Witness recounts final hours
PARCHMAN — I arrived at the makeshift media center shortlyafter 11 a.m. Wednesday. Jennifer Griffin, Mississippi Departmentof Corrections Communications Director, was giving the first offour briefings about what would be the last day of Tracy AlanHansen’s life.
Editor’s note: DAILY LEADER Managing Editor Nanette Lasterwas one of the eight media witnesses for the execution of TracyAlan Hansen. What follows is her account of the day’sevents.
He was served a breakfast of beef, potatoes and gravy, grits,biscuits, jelly, coffee and milk. He ate it all.
“Inmate Hansen is observed to be extremely talkative andsomewhat anxious. He has spent time writing letters, rubbing hishead and asks numerous questions,” she said.
We would later learn that Hansen wrote and mailed 23 lettersWednesday. No other information was provided about thecorrespondence.
Hansen had access to a telephone to place unlimited calls from 8a.m. to 5 p.m. both Tuesday and Wednesday. He made 10 calls between9:30 and 12:49 p.m. Wednesday, including two to his father,Lawrence Hansen. The first conversation lasted 56 minutes; thesecond one 17 minutes. He unsuccessfully tried to reach hisbrother, Scott Hansen.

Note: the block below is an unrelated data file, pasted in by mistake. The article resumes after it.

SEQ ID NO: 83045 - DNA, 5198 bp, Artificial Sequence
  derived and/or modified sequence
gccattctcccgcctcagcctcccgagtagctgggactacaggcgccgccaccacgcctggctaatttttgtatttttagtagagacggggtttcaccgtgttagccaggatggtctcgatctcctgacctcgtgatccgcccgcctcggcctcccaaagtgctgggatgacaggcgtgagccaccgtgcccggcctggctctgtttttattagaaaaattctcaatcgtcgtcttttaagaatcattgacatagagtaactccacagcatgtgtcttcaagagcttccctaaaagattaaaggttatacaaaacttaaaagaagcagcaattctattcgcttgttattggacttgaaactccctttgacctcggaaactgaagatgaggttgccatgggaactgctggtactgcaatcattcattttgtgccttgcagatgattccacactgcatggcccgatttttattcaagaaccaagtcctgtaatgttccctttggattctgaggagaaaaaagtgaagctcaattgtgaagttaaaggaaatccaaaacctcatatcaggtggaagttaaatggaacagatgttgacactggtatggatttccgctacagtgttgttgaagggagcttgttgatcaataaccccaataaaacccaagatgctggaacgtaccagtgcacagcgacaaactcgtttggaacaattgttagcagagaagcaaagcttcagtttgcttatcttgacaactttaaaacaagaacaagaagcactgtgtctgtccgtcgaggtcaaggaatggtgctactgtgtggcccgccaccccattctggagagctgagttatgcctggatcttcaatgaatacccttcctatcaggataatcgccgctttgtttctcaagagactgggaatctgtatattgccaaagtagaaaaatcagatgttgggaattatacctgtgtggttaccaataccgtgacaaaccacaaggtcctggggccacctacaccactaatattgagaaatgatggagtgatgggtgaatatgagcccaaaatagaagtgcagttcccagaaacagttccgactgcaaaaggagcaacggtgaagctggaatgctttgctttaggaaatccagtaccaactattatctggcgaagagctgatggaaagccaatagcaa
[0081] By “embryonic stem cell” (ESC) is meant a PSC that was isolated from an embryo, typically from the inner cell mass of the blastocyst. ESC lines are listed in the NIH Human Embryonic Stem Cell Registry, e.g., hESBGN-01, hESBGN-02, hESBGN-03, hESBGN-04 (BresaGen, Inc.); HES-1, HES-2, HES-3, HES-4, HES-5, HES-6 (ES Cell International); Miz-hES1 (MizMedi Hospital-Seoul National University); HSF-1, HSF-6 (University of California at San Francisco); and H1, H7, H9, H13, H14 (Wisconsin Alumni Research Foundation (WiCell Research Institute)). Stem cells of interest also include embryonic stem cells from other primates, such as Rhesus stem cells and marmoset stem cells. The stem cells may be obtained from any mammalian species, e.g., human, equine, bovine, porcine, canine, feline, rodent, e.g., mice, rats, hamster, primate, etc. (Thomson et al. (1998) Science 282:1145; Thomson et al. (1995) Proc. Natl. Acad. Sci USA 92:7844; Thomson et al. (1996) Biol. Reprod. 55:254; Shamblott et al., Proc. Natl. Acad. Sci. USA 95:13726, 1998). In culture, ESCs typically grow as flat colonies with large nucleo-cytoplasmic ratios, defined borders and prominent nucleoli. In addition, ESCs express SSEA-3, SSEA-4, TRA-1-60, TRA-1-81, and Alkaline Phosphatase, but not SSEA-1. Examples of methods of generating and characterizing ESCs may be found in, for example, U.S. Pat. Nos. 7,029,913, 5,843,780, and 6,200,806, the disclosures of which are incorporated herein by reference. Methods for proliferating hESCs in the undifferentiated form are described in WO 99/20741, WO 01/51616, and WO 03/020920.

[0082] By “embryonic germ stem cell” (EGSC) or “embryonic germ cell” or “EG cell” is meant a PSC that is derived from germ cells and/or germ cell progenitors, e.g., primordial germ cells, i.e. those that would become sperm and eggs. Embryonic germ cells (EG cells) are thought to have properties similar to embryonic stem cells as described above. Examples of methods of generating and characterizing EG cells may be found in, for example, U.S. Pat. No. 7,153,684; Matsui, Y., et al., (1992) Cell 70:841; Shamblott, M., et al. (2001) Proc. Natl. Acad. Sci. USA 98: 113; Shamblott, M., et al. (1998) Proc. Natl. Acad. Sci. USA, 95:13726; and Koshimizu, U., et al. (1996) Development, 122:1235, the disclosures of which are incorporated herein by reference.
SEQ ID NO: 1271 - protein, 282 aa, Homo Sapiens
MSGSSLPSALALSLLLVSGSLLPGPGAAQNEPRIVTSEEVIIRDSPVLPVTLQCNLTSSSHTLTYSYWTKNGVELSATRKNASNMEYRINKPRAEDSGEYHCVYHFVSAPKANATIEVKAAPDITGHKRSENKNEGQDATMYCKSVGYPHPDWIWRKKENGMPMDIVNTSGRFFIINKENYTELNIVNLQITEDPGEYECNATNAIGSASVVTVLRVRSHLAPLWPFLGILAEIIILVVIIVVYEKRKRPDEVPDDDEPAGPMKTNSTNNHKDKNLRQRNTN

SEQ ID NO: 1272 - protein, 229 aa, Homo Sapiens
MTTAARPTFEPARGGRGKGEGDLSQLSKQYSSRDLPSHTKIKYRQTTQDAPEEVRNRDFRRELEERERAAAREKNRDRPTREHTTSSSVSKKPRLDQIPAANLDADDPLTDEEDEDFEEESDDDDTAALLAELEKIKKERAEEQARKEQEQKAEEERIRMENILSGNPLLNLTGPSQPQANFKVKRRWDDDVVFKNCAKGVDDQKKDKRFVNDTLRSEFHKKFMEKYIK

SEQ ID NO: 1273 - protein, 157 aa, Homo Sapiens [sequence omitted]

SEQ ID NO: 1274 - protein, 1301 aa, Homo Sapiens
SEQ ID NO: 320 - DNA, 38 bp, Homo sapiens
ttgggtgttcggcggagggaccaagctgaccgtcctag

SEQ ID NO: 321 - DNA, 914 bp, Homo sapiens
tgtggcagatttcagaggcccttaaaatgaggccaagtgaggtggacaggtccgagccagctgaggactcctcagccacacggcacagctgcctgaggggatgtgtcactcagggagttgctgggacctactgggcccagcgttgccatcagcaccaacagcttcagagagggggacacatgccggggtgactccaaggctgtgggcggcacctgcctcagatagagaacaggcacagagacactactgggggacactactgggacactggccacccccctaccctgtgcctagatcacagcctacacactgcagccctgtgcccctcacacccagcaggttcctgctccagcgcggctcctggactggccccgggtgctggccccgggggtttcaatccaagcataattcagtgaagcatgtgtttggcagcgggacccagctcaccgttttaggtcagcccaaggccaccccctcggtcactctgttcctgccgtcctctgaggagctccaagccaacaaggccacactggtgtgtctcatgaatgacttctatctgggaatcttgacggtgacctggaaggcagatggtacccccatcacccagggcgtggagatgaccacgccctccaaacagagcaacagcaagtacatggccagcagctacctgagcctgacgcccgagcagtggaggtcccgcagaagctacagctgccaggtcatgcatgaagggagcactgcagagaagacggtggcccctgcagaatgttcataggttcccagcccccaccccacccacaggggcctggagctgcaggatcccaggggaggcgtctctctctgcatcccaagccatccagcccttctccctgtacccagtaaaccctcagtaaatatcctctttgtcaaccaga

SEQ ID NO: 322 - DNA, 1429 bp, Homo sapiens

We were told that the inmate had requested a seafood dinner forhis last meal. He would be served broiled lobster, shrimp, scallopsand crab meat served with clarified butter and cocktail sauce,fried fish fillet and oysters with tarter sauce, Pepsi Cola andchocolate morsels for dessert.
Handouts included copies of two affidavits Hansen had signedearlier. On July 11, he authorized the American Cremation Societyof Memphis to cremate his remains. On July 12, he authorized thatnone of his family members be present for the execution. Heauthorized that his two attorneys and his spiritual advisor attend,and they did.
In between the media briefings, the reporters and photographerspassed the time as best they could in a facility that usuallyserves as the processing center for prison visitors. Theunairconditioned cinder block building resembles a gymnasium. Signsadvise that taking money or contraband into the prison area willresult in arrest. Signs also advise that all visitors must wearunderwear.
At the four o’clock briefing, we were told that Hansen wasvisiting with his attorneys and spiritual advisor, who had beenwith him since 1:23 that afternoon. He would be offered 2milligrams of Ativan, a sedative, at 5 p.m., but he had notrequested any medication at that time. The hearse would exit theprison by traveling north on Highway 49.
At 4:30, the eight media witnesses were taken to a separate roomfor a briefing by prison officials. We were not allowed to takeanything with us. The prison provided note pads and pens.
We were briefed on what to expect. The inmate would already bestrapped to the gurney by the time we arrived in the observationroom, and the IV would be in place.